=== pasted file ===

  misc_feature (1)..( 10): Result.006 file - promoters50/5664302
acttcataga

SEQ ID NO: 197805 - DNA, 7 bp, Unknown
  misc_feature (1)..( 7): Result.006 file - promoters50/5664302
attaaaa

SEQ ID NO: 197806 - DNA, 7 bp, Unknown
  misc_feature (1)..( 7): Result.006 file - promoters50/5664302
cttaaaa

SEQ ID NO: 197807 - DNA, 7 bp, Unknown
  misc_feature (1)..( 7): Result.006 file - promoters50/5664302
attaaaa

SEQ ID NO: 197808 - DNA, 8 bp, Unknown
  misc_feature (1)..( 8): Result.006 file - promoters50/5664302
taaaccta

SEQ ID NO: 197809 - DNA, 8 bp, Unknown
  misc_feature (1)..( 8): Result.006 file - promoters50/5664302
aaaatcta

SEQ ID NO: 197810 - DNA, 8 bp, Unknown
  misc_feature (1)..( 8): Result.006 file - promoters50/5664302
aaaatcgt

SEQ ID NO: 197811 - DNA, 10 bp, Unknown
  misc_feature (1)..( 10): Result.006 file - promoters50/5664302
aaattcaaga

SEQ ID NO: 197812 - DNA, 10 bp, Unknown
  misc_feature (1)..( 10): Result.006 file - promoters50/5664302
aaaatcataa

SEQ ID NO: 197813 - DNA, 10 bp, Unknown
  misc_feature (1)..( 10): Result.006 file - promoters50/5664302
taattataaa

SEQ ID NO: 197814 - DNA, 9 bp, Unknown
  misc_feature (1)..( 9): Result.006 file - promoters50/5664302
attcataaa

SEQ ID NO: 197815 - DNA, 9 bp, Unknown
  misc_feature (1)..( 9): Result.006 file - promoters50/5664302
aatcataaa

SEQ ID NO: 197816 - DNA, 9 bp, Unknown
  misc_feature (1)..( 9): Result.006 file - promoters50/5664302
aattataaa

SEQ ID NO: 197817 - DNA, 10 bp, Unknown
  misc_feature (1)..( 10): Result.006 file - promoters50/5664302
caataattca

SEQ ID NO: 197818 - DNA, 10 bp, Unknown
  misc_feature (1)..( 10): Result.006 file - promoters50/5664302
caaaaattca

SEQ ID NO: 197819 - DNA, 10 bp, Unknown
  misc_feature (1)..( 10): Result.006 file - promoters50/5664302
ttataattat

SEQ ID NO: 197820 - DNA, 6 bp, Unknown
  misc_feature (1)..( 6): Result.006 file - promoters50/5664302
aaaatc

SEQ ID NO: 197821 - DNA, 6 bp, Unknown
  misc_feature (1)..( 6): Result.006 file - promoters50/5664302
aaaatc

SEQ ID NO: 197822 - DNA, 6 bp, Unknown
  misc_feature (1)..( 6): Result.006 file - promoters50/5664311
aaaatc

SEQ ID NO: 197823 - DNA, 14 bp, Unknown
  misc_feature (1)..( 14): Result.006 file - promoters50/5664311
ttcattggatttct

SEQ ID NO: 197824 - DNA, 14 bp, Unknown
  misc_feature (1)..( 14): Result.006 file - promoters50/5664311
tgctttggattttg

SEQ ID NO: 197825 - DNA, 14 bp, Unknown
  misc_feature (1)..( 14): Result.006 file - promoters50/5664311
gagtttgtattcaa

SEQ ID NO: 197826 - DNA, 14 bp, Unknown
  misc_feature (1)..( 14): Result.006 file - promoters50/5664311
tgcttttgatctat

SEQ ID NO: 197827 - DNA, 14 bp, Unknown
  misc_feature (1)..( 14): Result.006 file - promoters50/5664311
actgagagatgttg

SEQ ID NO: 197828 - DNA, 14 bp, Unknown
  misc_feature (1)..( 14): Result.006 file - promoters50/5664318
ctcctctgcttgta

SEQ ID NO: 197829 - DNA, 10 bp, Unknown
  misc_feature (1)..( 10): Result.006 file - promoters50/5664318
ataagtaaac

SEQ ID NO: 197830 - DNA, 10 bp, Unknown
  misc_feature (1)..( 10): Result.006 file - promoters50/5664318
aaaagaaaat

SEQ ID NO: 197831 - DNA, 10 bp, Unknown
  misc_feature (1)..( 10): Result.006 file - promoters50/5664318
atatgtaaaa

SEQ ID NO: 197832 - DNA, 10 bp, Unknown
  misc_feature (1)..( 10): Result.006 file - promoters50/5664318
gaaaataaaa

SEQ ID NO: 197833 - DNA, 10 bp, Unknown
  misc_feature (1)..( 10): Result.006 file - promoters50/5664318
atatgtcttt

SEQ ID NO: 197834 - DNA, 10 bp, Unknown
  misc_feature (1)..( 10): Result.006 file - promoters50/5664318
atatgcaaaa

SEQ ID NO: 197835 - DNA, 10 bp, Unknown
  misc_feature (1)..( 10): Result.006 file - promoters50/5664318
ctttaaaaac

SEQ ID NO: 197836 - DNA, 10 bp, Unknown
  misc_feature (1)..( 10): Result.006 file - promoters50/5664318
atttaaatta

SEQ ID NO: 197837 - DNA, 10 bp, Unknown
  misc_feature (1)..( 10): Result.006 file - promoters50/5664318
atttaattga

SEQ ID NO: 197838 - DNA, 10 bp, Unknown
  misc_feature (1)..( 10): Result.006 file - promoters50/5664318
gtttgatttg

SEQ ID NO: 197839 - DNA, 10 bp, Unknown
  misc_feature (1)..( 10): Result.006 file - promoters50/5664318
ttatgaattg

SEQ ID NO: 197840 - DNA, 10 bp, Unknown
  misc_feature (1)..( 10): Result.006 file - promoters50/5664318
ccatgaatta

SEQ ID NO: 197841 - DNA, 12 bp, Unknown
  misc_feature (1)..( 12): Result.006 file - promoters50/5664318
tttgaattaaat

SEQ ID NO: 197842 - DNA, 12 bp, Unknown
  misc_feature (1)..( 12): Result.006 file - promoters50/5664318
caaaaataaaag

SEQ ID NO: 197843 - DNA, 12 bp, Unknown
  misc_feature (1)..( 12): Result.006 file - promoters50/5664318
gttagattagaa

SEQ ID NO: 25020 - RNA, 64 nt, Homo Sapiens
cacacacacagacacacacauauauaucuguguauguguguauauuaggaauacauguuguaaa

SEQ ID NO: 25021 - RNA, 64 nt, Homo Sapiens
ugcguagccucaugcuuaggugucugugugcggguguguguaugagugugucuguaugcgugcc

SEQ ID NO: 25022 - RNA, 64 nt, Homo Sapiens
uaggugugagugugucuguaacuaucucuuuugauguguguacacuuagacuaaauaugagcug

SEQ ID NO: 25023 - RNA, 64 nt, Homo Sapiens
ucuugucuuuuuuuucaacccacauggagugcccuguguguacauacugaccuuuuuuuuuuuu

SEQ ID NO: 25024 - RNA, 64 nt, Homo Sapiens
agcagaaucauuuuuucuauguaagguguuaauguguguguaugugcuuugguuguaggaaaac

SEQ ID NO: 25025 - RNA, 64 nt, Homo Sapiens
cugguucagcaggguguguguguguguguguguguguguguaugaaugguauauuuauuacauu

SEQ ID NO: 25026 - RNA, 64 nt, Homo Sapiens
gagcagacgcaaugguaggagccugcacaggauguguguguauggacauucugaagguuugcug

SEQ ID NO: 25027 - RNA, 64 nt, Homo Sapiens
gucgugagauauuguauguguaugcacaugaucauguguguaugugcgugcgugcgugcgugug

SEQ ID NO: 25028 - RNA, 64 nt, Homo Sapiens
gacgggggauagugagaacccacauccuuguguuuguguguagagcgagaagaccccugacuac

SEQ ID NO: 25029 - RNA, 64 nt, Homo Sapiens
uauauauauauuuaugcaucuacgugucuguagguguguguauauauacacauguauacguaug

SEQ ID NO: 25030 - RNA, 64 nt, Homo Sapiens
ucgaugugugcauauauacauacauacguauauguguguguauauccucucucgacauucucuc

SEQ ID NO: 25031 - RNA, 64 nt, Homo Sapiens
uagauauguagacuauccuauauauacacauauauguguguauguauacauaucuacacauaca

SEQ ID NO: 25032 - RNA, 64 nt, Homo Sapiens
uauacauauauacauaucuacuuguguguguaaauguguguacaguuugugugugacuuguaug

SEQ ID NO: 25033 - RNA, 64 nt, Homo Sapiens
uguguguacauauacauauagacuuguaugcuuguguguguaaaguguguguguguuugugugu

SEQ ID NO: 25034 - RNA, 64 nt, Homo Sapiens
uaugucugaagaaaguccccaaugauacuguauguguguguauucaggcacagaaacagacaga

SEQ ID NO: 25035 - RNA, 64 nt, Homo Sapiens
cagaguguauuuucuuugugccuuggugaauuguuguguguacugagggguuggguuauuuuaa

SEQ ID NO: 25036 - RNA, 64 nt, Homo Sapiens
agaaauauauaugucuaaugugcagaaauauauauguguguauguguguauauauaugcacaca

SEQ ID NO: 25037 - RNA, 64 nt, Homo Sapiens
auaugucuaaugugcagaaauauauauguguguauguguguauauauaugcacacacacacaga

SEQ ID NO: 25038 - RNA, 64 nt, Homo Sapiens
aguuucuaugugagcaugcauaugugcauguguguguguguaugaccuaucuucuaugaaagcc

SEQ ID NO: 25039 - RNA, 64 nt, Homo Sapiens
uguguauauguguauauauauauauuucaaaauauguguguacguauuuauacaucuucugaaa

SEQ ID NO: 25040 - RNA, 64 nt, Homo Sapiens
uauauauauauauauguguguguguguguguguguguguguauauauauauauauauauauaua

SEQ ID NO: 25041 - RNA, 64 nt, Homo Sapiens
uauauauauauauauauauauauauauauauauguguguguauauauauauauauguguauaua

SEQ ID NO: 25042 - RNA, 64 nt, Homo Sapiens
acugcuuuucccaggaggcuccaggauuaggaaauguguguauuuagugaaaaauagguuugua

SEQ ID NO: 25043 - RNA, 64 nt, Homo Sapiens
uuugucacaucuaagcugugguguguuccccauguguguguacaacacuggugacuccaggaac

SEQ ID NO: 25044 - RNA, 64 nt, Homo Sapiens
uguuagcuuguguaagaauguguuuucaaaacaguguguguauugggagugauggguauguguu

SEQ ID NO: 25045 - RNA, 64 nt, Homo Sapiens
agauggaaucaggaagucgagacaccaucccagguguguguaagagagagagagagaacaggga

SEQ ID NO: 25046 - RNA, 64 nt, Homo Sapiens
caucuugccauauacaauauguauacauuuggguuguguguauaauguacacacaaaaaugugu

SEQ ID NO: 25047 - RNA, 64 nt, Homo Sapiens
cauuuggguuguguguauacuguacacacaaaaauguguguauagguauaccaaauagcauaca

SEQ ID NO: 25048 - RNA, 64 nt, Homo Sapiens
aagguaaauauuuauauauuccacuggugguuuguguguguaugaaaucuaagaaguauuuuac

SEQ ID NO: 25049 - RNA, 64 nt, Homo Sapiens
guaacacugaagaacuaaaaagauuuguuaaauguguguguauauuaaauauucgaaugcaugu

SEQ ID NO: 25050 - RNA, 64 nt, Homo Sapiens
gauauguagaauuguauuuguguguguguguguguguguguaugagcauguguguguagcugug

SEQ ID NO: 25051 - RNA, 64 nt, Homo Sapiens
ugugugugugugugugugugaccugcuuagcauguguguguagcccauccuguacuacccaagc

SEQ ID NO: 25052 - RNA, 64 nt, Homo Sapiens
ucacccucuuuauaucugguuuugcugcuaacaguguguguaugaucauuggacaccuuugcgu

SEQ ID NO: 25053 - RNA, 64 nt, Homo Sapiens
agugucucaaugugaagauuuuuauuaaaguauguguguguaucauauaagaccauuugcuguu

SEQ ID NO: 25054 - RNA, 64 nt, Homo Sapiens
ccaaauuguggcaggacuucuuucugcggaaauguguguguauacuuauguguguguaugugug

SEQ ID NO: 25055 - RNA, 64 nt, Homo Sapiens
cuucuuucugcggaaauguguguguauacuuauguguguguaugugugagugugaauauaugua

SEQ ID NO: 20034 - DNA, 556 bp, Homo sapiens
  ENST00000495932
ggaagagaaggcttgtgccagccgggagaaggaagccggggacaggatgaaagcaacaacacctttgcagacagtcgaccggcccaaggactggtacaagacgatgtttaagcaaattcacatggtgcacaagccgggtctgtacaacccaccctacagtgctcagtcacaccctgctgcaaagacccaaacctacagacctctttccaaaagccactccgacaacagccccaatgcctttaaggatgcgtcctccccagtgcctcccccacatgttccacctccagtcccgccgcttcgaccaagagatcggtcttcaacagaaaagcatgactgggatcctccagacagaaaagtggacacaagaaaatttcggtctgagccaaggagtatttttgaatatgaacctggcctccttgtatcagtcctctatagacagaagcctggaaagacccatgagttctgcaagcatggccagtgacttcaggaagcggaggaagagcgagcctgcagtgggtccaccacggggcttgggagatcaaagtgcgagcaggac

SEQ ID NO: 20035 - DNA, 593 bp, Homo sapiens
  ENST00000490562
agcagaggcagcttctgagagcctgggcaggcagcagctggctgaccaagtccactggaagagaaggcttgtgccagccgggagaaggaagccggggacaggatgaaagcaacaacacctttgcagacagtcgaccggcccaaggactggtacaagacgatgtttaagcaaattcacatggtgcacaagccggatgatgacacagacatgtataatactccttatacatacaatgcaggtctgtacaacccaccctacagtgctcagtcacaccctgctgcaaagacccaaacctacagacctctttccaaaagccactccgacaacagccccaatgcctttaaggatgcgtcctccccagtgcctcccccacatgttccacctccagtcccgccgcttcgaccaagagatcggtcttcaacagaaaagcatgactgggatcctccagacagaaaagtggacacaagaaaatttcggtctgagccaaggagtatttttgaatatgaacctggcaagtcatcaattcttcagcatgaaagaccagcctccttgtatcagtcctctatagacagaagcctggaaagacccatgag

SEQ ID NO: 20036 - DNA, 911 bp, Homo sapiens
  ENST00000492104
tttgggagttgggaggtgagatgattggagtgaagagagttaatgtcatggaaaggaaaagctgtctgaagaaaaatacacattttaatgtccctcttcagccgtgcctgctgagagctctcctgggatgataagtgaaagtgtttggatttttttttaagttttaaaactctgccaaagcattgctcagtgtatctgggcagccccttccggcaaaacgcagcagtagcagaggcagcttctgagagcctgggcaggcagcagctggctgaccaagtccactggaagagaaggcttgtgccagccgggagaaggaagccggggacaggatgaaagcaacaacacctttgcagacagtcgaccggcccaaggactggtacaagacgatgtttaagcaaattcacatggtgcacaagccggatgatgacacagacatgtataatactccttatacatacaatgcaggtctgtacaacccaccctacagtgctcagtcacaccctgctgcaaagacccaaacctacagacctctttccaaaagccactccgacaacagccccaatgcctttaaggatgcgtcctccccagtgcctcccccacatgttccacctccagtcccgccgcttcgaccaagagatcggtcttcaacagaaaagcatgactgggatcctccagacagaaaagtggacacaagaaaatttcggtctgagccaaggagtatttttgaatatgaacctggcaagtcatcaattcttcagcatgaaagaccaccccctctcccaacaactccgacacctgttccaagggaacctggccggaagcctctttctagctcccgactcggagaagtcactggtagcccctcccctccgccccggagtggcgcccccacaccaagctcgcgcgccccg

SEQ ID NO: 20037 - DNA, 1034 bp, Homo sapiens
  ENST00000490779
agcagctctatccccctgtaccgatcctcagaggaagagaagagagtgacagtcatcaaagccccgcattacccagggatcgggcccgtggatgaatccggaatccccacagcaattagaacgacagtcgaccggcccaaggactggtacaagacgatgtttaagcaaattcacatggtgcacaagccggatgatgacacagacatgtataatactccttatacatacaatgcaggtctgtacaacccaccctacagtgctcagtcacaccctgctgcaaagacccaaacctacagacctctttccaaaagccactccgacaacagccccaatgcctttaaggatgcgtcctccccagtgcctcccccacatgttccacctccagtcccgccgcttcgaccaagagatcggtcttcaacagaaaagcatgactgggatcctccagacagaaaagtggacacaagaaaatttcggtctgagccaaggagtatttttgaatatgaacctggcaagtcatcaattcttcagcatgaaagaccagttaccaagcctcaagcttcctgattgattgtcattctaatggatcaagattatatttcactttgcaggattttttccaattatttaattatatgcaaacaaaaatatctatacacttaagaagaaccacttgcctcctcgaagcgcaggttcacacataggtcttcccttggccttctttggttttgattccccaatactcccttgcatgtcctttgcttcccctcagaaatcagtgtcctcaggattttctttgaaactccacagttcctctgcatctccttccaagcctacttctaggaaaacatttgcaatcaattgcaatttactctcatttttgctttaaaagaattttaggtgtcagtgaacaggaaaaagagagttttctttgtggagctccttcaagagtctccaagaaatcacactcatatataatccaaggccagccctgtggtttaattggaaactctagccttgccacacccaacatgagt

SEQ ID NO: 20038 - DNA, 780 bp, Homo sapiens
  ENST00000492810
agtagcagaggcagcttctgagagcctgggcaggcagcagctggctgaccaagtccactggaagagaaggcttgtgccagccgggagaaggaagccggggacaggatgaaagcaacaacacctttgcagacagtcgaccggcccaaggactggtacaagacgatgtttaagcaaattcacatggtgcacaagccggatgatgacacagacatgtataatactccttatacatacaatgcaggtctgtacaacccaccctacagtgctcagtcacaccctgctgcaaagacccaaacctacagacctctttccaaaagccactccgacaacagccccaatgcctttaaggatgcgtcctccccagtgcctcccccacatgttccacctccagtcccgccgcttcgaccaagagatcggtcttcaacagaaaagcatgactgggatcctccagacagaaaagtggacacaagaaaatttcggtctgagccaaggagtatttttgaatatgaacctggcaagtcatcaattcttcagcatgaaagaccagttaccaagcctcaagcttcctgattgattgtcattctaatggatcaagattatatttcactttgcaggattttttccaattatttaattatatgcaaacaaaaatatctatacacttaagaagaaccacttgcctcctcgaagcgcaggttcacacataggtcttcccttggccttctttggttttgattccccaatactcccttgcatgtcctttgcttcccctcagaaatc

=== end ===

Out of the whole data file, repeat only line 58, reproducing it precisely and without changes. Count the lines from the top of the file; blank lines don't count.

  misc_feature (1)..( 14): Result.006 file - promoters50/5664311